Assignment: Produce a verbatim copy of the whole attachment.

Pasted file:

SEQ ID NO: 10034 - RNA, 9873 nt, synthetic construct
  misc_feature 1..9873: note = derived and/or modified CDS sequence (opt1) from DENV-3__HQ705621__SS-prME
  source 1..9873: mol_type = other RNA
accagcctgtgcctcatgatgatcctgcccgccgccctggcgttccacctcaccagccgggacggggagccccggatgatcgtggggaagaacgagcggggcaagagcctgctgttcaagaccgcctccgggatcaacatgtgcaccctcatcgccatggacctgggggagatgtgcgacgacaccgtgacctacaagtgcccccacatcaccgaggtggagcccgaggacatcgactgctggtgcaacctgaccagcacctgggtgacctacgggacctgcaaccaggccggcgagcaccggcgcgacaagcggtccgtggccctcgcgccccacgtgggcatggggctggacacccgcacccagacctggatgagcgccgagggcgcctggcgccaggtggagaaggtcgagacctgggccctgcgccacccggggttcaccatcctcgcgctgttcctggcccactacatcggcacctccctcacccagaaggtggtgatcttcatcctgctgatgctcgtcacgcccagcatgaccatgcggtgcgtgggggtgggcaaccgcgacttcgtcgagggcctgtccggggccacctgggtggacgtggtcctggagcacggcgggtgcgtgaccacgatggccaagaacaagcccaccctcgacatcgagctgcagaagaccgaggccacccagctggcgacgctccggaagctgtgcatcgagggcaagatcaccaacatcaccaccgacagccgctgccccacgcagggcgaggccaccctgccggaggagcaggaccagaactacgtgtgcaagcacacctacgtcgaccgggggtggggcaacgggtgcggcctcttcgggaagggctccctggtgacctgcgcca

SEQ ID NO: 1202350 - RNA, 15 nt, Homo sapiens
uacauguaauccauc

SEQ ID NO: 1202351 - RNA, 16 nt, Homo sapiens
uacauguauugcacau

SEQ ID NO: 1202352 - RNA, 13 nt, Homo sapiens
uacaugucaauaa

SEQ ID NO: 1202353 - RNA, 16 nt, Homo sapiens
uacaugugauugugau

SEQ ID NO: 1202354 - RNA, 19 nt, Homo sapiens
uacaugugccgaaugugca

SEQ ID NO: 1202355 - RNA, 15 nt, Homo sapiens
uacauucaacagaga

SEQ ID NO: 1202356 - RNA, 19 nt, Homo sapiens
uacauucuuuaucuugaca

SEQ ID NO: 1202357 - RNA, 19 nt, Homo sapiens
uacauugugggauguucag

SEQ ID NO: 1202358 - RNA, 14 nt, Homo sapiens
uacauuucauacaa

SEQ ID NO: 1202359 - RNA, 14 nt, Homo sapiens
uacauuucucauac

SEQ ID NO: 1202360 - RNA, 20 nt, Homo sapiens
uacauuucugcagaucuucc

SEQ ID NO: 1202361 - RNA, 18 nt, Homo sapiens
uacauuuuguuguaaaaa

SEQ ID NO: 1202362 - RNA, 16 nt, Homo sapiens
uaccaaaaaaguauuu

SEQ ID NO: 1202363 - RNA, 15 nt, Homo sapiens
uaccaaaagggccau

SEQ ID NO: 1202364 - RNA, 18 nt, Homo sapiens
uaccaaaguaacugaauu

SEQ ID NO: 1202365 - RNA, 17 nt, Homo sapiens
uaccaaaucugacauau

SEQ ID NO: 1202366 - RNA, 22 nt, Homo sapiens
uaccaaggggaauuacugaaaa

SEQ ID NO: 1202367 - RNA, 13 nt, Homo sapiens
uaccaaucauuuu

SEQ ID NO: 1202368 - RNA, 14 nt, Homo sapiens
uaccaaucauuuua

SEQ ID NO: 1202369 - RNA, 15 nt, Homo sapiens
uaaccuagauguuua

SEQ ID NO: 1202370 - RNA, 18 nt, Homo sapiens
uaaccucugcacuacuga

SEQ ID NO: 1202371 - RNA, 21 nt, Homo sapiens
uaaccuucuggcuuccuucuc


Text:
SEQ ID NO: 10034 - RNA, 9873 nt, synthetic construct
  misc_feature 1..9873: note = derived and/or modified CDS sequence (opt1) from DENV-3__HQ705621__SS-prME
  source 1..9873: mol_type = other RNA
accagcctgtgcctcatgatgatcctgcccgccgccctggcgttccacctcaccagccgggacggggagccccggatgatcgtggggaagaacgagcggggcaagagcctgctgttcaagaccgcctccgggatcaacatgtgcaccctcatcgccatggacctgggggagatgtgcgacgacaccgtgacctacaagtgcccccacatcaccgaggtggagcccgaggacatcgactgctggtgcaacctgaccagcacctgggtgacctacgggacctgcaaccaggccggcgagcaccggcgcgacaagcggtccgtggccctcgcgccccacgtgggcatggggctggacacccgcacccagacctggatgagcgccgagggcgcctggcgccaggtggagaaggtcgagacctgggccctgcgccacccggggttcaccatcctcgcgctgttcctggcccactacatcggcacctccctcacccagaaggtggtgatcttcatcctgctgatgctcgtcacgcccagcatgaccatgcggtgcgtgggggtgggcaaccgcgacttcgtcgagggcctgtccggggccacctgggtggacgtggtcctggagcacggcgggtgcgtgaccacgatggccaagaacaagcccaccctcgacatcgagctgcagaagaccgaggccacccagctggcgacgctccggaagctgtgcatcgagggcaagatcaccaacatcaccaccgacagccgctgccccacgcagggcgaggccaccctgccggaggagcaggaccagaactacgtgtgcaagcacacctacgtcgaccgggggtggggcaacgggtgcggcctcttcgggaagggctccctggtgacctgcgcca

SEQ ID NO: 1202350 - RNA, 15 nt, Homo sapiens
uacauguaauccauc

SEQ ID NO: 1202351 - RNA, 16 nt, Homo sapiens
uacauguauugcacau

SEQ ID NO: 1202352 - RNA, 13 nt, Homo sapiens
uacaugucaauaa

SEQ ID NO: 1202353 - RNA, 16 nt, Homo sapiens
uacaugugauugugau

SEQ ID NO: 1202354 - RNA, 19 nt, Homo sapiens
uacaugugccgaaugugca

SEQ ID NO: 1202355 - RNA, 15 nt, Homo sapiens
uacauucaacagaga

SEQ ID NO: 1202356 - RNA, 19 nt, Homo sapiens
uacauucuuuaucuugaca

SEQ ID NO: 1202357 - RNA, 19 nt, Homo sapiens
uacauugugggauguucag

SEQ ID NO: 1202358 - RNA, 14 nt, Homo sapiens
uacauuucauacaa

SEQ ID NO: 1202359 - RNA, 14 nt, Homo sapiens
uacauuucucauac

SEQ ID NO: 1202360 - RNA, 20 nt, Homo sapiens
uacauuucugcagaucuucc

SEQ ID NO: 1202361 - RNA, 18 nt, Homo sapiens
uacauuuuguuguaaaaa

SEQ ID NO: 1202362 - RNA, 16 nt, Homo sapiens
uaccaaaaaaguauuu

SEQ ID NO: 1202363 - RNA, 15 nt, Homo sapiens
uaccaaaagggccau

SEQ ID NO: 1202364 - RNA, 18 nt, Homo sapiens
uaccaaaguaacugaauu

SEQ ID NO: 1202365 - RNA, 17 nt, Homo sapiens
uaccaaaucugacauau

SEQ ID NO: 1202366 - RNA, 22 nt, Homo sapiens
uaccaaggggaauuacugaaaa

SEQ ID NO: 1202367 - RNA, 13 nt, Homo sapiens
uaccaaucauuuu

SEQ ID NO: 1202368 - RNA, 14 nt, Homo sapiens
uaccaaucauuuua

SEQ ID NO: 1202369 - RNA, 15 nt, Homo sapiens
uaaccuagauguuua

SEQ ID NO: 1202370 - RNA, 18 nt, Homo sapiens
uaaccucugcacuacuga

SEQ ID NO: 1202371 - RNA, 21 nt, Homo sapiens
uaaccuucuggcuuccuucuc